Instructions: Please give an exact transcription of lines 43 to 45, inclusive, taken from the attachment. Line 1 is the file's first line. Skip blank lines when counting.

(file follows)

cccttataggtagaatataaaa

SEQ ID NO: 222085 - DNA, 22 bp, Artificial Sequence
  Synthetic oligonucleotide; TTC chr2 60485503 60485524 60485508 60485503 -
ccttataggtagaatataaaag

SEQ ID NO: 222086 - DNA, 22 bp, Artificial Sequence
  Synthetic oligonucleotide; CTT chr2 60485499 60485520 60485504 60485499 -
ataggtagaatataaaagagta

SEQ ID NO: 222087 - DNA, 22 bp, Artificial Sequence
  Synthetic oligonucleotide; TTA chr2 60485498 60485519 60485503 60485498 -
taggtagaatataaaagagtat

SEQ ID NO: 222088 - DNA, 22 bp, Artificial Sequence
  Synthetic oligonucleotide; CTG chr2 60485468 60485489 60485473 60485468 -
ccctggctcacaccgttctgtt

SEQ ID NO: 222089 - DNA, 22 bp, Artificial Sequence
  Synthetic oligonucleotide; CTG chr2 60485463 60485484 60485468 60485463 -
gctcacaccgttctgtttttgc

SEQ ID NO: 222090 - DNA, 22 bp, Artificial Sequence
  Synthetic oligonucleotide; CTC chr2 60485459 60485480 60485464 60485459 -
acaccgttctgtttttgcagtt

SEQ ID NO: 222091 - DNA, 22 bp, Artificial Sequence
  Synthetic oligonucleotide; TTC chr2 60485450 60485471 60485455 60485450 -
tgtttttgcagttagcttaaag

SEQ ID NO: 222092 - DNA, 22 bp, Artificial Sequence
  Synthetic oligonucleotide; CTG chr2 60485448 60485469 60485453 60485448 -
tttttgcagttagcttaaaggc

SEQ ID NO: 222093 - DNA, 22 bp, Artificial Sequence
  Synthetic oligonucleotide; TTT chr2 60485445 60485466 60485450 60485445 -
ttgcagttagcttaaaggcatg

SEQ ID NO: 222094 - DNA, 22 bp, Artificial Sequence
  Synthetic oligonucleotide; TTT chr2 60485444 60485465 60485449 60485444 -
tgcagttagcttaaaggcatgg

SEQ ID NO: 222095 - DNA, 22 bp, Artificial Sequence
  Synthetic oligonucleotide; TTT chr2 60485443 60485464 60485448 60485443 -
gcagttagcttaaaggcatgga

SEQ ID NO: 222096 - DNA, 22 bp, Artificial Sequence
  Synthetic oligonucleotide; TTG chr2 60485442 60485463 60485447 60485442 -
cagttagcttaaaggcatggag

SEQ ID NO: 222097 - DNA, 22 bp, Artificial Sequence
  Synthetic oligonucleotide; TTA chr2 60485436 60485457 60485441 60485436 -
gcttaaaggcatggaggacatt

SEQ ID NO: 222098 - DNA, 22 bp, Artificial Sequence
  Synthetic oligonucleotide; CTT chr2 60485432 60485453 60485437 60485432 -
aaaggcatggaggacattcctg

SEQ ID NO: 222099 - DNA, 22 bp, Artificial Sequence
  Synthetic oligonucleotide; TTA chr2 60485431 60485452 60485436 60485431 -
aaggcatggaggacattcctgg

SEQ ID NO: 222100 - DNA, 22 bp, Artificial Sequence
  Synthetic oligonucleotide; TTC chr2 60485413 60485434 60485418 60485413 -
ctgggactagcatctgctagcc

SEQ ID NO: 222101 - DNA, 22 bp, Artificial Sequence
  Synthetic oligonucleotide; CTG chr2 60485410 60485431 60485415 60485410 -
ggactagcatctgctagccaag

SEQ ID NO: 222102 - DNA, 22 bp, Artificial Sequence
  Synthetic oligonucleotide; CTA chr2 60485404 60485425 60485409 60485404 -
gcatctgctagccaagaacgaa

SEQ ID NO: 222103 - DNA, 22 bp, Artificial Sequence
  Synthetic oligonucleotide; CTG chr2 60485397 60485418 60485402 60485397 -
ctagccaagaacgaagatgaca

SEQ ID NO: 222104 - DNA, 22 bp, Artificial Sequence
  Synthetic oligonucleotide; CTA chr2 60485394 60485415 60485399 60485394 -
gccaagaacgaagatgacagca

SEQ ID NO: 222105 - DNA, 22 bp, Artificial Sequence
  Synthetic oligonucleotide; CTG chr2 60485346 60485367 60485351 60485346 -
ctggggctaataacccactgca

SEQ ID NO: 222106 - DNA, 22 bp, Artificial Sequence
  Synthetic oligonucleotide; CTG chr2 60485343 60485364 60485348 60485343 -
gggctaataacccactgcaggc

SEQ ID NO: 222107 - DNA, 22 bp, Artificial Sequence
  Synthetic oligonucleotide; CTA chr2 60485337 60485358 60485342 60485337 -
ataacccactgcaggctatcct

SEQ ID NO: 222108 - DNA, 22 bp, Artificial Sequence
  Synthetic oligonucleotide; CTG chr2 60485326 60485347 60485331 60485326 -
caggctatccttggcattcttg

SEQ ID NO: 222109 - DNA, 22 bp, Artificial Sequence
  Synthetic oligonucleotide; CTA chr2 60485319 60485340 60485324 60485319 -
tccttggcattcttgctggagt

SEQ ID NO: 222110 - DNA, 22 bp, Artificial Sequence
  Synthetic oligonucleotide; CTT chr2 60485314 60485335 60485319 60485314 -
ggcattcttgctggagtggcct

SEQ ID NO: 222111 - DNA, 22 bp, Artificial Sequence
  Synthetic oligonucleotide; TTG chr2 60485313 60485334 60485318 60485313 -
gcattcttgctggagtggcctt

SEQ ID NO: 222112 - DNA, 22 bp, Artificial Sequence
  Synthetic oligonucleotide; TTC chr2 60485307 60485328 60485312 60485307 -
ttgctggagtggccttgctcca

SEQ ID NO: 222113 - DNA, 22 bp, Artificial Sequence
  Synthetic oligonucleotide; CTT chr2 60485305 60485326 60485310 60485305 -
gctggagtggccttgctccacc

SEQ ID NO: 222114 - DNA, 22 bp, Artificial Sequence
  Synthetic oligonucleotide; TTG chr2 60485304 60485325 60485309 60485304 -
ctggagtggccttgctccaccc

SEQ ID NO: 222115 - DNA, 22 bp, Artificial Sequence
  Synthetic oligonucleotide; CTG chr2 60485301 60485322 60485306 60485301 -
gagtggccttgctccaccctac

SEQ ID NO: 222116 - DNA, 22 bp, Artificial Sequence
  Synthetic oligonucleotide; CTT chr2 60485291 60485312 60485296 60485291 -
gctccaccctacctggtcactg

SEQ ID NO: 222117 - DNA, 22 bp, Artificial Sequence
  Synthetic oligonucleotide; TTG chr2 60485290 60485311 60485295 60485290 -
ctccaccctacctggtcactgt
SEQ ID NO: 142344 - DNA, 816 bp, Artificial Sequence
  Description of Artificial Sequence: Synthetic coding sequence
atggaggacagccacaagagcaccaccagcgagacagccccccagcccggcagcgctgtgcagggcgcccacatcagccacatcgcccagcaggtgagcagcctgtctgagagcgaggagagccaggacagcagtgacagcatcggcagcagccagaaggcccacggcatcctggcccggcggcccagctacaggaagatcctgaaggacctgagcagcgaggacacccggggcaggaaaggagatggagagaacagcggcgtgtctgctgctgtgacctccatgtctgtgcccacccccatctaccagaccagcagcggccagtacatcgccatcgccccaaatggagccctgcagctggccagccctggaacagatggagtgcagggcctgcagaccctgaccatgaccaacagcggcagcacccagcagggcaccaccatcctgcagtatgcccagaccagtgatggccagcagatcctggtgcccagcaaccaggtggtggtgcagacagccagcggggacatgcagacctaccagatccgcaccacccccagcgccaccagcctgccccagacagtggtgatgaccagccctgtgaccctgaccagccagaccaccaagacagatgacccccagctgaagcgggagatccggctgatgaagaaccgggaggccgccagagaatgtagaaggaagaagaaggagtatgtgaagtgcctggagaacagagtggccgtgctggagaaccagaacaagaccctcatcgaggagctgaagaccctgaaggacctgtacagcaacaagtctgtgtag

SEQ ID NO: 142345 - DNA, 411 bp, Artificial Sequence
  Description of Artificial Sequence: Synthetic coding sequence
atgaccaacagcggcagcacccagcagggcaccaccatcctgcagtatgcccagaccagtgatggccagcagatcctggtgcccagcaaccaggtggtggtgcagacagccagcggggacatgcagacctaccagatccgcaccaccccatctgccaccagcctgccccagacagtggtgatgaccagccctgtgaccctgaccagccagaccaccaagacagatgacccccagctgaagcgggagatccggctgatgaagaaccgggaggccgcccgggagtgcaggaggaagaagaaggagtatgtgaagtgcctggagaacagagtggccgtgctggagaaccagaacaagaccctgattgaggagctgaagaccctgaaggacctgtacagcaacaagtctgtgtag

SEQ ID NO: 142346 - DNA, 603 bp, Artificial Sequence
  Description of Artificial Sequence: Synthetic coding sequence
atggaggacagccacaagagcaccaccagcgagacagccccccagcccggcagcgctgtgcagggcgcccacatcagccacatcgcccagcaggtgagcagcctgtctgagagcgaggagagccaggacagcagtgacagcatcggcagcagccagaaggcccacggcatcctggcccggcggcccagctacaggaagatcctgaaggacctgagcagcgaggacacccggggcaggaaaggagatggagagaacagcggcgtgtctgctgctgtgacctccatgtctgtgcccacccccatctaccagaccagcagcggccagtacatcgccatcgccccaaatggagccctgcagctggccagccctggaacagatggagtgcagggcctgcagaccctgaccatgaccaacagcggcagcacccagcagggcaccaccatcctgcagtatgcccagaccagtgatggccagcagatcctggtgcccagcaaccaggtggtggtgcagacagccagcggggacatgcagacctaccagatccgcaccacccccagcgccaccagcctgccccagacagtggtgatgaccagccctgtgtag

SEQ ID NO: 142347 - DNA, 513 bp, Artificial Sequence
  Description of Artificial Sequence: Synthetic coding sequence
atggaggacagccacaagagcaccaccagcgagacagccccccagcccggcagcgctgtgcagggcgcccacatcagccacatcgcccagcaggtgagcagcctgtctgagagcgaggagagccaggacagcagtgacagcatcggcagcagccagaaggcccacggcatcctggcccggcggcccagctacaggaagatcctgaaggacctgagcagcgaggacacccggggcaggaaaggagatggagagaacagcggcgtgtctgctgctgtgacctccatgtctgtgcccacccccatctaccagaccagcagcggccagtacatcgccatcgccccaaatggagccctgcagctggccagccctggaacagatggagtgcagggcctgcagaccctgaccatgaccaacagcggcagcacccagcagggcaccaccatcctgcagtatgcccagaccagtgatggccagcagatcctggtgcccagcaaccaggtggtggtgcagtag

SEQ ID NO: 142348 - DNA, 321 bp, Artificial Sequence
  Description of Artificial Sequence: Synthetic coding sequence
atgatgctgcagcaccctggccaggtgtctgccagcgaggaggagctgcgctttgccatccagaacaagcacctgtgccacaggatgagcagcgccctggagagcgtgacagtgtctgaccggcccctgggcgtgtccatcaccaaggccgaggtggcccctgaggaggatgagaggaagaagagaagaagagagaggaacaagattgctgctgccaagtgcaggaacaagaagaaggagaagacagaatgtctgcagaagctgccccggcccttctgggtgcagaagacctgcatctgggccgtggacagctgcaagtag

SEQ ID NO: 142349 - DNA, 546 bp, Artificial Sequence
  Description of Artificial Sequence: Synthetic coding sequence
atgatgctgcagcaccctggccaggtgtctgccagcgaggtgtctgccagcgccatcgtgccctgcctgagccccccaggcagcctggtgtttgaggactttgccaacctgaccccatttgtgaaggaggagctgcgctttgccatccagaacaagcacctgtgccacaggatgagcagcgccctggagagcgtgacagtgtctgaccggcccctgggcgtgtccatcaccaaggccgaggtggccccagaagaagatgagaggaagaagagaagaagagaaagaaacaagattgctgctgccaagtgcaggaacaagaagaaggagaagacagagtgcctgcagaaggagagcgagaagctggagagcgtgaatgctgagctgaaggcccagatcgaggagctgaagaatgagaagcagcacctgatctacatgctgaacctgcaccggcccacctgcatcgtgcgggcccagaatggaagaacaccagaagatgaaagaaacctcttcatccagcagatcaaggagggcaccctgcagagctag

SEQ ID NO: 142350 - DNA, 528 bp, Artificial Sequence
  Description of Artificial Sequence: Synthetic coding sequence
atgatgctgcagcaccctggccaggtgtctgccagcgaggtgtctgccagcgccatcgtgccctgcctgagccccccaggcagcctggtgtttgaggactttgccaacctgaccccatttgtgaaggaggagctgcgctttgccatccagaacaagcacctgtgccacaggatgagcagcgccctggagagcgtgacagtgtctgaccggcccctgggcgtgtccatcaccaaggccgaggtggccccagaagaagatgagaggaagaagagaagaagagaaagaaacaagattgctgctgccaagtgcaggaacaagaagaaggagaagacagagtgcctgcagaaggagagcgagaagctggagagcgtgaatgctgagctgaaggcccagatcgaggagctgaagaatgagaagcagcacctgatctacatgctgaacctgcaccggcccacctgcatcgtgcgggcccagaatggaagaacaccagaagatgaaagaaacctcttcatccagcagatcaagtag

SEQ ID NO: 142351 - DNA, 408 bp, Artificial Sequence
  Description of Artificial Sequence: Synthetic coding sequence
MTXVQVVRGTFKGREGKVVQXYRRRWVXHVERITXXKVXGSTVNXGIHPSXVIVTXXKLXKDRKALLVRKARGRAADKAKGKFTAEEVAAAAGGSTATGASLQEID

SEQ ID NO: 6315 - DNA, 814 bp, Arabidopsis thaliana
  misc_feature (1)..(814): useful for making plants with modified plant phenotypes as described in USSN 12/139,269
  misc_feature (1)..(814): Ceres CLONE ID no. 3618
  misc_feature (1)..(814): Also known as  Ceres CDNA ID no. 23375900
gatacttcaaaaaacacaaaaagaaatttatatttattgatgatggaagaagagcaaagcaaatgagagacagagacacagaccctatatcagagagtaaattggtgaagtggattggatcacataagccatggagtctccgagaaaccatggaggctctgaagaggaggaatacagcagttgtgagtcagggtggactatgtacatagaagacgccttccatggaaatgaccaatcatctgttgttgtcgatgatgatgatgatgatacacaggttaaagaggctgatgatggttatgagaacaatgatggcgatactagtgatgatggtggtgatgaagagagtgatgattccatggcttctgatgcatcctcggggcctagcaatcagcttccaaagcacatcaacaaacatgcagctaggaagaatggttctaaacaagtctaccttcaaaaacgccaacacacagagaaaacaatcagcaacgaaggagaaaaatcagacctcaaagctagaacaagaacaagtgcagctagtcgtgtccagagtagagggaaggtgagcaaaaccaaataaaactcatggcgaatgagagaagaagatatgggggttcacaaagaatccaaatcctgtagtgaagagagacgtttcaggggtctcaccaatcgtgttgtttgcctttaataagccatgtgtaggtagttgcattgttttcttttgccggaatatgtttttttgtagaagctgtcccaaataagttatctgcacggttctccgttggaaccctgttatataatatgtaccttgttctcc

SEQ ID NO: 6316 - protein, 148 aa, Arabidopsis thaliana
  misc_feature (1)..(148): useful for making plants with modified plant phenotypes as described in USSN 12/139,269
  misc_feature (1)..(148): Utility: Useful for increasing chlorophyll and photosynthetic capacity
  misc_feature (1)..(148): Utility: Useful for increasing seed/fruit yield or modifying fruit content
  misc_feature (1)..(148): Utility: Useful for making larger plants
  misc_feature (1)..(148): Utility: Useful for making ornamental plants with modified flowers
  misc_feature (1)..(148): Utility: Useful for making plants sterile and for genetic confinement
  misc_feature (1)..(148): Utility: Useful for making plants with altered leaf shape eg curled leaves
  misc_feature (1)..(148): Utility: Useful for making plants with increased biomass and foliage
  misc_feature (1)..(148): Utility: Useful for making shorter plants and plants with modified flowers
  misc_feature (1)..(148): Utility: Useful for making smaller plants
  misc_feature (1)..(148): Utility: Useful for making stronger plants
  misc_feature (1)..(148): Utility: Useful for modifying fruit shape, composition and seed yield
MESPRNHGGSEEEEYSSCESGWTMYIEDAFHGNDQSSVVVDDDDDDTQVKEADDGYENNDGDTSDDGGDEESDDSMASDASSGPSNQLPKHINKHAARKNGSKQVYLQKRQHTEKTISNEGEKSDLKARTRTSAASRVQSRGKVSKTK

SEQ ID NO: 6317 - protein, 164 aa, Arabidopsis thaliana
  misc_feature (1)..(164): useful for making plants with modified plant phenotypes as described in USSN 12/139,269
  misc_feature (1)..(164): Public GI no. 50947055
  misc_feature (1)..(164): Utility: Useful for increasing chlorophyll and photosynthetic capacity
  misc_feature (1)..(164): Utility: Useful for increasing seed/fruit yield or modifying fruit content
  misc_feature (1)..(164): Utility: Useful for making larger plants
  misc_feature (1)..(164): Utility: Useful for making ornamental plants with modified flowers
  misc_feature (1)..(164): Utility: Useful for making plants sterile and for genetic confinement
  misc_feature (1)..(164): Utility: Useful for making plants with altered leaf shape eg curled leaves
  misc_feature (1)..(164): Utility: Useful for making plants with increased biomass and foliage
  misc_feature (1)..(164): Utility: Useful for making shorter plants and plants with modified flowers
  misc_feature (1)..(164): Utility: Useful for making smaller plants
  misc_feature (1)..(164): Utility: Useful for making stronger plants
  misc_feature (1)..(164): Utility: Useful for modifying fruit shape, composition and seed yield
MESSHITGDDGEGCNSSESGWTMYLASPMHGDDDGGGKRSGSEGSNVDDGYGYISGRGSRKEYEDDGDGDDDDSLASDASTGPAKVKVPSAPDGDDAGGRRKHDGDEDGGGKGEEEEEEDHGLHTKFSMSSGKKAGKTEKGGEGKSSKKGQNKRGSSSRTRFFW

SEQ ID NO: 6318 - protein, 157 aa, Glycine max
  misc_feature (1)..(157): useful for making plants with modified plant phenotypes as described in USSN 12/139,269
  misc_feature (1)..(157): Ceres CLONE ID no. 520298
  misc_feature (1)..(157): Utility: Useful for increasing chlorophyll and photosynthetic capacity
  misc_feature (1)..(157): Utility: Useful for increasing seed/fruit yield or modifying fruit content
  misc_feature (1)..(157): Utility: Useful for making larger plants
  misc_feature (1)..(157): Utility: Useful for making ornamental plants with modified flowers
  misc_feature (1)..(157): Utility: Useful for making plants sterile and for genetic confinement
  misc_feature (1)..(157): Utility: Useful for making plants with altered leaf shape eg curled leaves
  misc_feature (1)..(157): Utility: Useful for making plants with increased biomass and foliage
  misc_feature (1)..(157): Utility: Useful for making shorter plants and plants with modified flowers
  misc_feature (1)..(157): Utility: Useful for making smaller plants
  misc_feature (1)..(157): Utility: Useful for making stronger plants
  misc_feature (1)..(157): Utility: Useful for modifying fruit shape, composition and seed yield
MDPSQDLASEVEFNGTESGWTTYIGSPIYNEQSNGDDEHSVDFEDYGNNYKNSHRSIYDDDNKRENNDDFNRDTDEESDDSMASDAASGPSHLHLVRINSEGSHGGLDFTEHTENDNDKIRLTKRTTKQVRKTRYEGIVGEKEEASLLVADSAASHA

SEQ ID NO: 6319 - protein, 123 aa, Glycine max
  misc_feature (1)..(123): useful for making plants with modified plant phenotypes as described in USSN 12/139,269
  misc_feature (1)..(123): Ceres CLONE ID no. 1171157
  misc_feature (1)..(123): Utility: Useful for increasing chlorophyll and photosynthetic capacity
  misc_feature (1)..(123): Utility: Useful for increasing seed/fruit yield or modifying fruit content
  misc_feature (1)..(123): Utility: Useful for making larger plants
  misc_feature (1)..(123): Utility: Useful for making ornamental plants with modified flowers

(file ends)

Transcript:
aaaggcatggaggacattcctg

SEQ ID NO: 222099 - DNA, 22 bp, Artificial Sequence
  Synthetic oligonucleotide; TTA chr2 60485431 60485452 60485436 60485431 -